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04/19/2004 - Articles

Calcium May Reduce Colon Cancer Risk in Men

By: Tufts University


Calcium May Reduce Colon Cancer Risk in Men

Source: Tufts University
May 16, 2002 (Reviewed: April 19, 2004)

The search for a link between diet and risk for colon cancer has focused in recent years on the roles that specific nutrients, such as calcium, may play in colon health. More evidence of the cancer-fighting potential of this mineral was recently published in the Journal of the National Cancer Institute.

Looking for a connection

Harvard researchers pooled diet and lifestyle data on more than 100,000 men and women participating in two large US health studies. They were looking for a correlation between calcium intake - from both foods and dietary supplements - and the incidence of colon cancer over a 16-year period.

The women's calcium intake did not seem to have much of an effect on their risk of developing colon cancer. But it was a different story for the men, in whom intakes of at least 700 mg per day were associated with about a 40% lower risk of colon cancer. This effect was not, however, what scientists call a "dose-dependent response," meaning that intakes greater than 700 mg did not appear to afford any additional protection.

How it might work

Scientists think that calcium may inhibit the formation of colon cancer cells by binding with bile acids and fatty acids, both of which can trigger abnormal cell growth within the colon.

The exact association between calcium and colon cancer, however, is still unclear, with some studies, but not others, linking a high-calcium diet with reduced cancer risk.

It's possible that the effect may be due to other nutrients in calcium-rich foods. But in this current study, the use of calcium supplements was associated with a decreased risk, suggesting that it was the calcium itself - and not some other dietary factor - that produced the beneficial effect.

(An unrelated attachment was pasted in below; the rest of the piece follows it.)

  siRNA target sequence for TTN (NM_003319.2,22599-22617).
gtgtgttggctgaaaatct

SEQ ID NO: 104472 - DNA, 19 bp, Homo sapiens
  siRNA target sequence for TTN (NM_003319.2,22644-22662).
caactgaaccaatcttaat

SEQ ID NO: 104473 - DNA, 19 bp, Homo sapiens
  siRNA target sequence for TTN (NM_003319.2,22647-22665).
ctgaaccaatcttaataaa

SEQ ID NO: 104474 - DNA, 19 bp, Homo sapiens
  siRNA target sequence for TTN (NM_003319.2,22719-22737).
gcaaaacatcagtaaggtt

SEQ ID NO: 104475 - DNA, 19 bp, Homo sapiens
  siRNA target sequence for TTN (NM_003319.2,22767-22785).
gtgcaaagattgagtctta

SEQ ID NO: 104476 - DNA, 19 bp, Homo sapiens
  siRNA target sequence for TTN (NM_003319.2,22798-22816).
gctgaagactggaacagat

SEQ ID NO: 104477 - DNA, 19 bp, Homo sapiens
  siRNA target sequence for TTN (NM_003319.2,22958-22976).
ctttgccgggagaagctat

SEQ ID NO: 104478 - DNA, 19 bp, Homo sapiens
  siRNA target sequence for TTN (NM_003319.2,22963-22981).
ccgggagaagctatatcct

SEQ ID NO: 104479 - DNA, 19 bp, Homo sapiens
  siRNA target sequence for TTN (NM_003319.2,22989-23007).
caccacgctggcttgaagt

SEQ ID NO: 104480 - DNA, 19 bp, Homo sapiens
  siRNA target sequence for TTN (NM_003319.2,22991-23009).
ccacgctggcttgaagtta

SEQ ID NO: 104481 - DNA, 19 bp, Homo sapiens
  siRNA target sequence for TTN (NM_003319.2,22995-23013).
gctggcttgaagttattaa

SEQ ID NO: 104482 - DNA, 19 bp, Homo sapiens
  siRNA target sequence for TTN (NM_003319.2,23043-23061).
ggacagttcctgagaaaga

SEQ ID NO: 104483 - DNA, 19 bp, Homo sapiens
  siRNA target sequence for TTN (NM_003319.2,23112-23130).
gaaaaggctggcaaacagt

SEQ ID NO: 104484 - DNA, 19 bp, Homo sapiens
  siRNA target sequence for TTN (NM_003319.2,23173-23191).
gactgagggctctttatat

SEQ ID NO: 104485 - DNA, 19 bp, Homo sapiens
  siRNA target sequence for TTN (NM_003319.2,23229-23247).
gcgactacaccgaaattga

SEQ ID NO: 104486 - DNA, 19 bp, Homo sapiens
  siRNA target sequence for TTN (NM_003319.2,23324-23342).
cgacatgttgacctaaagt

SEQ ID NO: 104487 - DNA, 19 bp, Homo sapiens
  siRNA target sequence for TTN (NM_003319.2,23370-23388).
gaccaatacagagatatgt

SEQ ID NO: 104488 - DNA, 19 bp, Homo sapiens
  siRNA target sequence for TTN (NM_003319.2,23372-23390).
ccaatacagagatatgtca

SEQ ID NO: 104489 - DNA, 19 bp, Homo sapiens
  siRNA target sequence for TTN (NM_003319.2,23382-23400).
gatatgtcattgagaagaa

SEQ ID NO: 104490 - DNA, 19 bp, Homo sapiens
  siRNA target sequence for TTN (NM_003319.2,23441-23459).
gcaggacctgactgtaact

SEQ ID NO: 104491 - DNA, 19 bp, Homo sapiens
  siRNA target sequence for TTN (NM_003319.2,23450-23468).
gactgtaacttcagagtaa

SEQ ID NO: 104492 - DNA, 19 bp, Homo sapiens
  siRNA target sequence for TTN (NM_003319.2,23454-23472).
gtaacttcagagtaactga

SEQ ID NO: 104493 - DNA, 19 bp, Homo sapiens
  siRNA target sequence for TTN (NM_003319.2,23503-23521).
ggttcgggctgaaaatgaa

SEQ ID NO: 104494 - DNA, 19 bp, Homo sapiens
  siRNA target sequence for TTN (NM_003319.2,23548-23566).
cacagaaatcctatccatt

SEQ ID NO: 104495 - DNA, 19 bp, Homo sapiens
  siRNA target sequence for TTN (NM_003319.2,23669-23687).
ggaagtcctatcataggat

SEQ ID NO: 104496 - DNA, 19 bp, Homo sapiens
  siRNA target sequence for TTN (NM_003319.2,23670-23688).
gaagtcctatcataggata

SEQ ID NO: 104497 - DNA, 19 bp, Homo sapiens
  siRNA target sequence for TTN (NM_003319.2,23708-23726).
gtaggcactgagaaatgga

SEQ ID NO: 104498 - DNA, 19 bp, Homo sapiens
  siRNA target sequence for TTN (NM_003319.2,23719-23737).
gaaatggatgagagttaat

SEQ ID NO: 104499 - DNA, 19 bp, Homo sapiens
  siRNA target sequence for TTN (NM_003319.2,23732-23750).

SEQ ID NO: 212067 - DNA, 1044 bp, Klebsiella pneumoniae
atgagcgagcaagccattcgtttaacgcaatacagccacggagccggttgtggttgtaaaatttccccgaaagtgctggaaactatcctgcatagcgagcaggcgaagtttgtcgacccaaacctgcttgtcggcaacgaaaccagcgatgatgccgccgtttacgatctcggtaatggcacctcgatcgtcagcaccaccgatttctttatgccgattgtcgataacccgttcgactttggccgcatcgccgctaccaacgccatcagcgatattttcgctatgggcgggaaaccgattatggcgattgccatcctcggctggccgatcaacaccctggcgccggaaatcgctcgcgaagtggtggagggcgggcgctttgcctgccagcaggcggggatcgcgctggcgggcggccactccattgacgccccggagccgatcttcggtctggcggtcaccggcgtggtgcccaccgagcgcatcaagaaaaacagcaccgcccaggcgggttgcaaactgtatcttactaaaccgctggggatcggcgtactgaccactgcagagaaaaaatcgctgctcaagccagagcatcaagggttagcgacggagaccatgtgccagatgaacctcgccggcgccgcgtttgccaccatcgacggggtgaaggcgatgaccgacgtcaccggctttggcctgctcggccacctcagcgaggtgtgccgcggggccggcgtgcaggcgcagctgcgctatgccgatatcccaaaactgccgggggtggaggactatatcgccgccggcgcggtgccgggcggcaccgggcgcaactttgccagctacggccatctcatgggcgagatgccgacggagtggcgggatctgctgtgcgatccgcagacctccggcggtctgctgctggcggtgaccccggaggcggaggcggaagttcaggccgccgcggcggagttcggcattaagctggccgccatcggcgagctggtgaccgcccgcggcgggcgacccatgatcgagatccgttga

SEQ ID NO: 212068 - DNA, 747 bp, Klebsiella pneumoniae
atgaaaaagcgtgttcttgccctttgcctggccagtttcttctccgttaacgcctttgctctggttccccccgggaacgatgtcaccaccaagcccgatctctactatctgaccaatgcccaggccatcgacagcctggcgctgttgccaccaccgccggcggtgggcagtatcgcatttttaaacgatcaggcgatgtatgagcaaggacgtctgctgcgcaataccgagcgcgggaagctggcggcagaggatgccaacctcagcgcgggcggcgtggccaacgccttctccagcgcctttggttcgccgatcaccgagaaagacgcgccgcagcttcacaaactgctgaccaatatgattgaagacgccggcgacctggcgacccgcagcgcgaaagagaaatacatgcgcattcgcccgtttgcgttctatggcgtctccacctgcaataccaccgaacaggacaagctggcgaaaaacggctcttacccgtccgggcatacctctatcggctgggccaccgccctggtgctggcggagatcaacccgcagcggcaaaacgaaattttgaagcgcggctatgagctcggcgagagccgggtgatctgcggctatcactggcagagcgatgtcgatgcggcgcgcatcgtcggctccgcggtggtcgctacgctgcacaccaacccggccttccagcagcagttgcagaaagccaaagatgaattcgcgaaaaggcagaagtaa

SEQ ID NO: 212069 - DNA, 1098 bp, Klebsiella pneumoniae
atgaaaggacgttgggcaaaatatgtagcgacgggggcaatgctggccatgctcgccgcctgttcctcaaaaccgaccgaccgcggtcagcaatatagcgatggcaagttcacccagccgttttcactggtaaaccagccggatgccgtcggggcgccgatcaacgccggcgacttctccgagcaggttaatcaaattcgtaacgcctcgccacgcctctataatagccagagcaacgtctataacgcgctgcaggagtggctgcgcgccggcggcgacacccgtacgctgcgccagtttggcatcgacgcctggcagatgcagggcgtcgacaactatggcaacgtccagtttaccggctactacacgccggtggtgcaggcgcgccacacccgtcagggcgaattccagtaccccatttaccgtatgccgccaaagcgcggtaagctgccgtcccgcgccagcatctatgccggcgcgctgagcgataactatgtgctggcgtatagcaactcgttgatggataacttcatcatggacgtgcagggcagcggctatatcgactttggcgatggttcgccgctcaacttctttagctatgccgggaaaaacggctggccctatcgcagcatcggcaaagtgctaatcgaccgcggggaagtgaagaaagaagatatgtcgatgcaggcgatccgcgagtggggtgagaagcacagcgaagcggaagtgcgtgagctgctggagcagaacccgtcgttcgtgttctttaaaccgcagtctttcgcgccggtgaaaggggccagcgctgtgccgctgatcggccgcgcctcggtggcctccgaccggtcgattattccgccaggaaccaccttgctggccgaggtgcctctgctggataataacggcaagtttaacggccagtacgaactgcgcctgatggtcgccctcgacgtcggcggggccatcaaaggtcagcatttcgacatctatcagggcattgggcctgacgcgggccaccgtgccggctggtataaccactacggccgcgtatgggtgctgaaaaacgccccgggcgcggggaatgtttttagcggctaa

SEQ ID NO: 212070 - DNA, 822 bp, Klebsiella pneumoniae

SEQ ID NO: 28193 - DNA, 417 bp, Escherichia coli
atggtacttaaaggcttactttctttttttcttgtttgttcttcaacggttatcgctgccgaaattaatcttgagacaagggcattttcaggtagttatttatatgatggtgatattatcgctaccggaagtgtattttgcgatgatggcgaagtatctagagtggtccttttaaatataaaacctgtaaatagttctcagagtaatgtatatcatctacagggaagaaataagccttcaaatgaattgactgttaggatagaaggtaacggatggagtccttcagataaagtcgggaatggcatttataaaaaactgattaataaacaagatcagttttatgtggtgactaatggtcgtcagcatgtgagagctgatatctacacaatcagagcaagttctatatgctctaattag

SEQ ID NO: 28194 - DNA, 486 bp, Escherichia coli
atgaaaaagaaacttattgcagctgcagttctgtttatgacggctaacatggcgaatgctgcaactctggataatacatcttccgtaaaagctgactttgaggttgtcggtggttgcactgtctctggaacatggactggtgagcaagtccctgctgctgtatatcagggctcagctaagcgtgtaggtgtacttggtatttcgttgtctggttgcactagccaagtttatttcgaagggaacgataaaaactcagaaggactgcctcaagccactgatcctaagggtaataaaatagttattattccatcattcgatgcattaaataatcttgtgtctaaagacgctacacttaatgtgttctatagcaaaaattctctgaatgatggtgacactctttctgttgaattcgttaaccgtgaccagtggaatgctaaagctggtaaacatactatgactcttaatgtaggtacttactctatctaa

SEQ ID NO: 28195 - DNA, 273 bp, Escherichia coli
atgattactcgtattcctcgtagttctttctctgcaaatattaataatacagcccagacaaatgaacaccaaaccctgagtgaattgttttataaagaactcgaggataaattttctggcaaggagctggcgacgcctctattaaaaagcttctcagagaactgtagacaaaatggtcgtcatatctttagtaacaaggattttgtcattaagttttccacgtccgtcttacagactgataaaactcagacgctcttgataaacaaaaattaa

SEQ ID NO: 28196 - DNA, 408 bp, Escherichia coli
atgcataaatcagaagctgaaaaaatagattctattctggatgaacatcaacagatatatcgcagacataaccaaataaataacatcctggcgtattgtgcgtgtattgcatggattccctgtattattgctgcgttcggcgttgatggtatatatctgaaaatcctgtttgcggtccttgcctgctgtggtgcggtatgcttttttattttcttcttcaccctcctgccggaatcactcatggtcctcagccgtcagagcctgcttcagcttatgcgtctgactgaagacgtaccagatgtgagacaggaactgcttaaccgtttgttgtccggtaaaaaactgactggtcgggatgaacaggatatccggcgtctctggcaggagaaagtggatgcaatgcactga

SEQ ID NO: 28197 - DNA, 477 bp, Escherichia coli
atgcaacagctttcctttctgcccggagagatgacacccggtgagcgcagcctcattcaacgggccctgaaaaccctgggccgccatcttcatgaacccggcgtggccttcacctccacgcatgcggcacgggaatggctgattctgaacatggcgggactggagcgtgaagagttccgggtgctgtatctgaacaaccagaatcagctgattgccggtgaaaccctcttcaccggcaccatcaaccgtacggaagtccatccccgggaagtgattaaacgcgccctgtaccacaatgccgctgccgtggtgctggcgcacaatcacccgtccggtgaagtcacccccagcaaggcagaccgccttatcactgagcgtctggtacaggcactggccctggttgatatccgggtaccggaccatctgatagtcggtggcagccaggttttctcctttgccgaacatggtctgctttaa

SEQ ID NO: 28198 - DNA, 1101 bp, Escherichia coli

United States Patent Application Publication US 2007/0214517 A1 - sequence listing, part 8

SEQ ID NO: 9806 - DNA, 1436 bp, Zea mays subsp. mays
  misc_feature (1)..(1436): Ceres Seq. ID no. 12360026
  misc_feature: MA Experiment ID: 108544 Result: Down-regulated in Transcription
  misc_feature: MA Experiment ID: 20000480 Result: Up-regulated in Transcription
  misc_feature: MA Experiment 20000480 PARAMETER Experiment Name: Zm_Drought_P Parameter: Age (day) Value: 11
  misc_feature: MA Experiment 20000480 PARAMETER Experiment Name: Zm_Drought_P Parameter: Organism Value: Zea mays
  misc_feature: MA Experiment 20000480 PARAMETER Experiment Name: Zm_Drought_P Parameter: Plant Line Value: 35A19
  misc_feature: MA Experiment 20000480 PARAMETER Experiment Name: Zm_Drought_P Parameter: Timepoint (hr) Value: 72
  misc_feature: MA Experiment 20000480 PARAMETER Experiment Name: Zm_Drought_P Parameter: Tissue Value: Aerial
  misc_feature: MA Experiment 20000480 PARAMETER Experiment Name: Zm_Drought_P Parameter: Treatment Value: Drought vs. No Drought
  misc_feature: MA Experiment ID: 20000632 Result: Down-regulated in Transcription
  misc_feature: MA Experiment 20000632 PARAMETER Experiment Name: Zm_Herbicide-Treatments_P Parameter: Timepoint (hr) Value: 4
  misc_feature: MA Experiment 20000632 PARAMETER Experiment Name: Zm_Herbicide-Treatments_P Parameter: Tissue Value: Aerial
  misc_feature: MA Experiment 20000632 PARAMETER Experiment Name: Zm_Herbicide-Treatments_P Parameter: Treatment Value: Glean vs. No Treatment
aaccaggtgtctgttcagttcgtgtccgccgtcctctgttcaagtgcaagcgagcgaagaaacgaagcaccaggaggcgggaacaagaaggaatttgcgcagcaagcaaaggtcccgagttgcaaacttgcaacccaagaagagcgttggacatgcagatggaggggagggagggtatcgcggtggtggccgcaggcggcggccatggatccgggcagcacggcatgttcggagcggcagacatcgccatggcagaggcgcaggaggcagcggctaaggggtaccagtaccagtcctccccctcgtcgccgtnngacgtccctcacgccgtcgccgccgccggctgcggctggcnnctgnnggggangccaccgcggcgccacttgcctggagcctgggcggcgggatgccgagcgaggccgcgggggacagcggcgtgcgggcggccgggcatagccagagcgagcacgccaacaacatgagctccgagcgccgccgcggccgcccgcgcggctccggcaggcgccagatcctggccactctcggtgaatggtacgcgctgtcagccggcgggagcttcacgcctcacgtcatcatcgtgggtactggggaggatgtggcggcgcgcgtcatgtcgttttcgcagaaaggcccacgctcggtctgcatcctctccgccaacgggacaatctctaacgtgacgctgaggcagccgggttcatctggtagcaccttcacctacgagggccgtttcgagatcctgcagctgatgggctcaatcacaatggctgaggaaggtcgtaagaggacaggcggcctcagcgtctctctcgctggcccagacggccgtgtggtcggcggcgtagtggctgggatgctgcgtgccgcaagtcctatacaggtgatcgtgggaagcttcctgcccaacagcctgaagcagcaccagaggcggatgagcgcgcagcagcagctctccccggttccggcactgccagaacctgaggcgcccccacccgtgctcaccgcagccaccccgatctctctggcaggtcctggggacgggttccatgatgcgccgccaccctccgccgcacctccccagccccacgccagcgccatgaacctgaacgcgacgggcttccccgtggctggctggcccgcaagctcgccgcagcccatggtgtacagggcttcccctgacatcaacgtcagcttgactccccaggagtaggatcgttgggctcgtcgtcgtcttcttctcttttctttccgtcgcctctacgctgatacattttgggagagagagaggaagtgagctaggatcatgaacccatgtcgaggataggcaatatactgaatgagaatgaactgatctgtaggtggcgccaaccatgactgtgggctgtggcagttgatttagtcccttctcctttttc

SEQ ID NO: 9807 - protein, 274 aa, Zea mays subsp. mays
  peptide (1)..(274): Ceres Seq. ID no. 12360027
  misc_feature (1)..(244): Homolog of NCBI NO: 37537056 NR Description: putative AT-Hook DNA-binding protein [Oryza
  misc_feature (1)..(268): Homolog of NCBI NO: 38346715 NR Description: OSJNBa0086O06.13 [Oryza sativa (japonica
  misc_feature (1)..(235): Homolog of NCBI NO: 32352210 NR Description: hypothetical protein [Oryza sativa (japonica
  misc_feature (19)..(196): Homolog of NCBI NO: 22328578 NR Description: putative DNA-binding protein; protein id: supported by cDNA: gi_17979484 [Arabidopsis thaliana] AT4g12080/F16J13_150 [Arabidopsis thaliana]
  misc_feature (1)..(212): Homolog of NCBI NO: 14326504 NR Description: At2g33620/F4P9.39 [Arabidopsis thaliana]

What you can do

The American Institute for Cancer Research points out that colon cancer - the fourth most common type of cancer worldwide - is affected by environmental factors, which means you may be able to reduce your risk through lifestyle changes. There is convincing evidence that regular exercise and a diet that includes plenty of vegetables are protective. Conversely, you may be putting yourself at higher risk if you smoke, are overweight, and consume a diet high in saturated fat and red meat.

Regular screening is also an important tool in lowering your risk of developing or dying from colon cancer, because screening may identify the disease when it's in its earliest and most treatable stages. Talk to your doctor and check the American Cancer Society website (see link below) for current guidelines on which tests are recommended for you.


  • Calcium intake and risk of colon cancer in women and men. K. Wu, W. Willett, C. Fuchs,  et al., J Natl Cancer Inst, 2002, vol. 94, pp. 437--446

Related Links
The American Cancer Society website
Another Look at Diet and Colon Cancer
The Cancer Survivors' Bill of Rights
Does Fiber Affect Colon Cancer Risk?
To quickly access additional accurate information on this and other nutrition-related topics, visit Tufts University's Nutrition Navigator

Created on: 05/16/2002
Reviewed on: 04/19/2004

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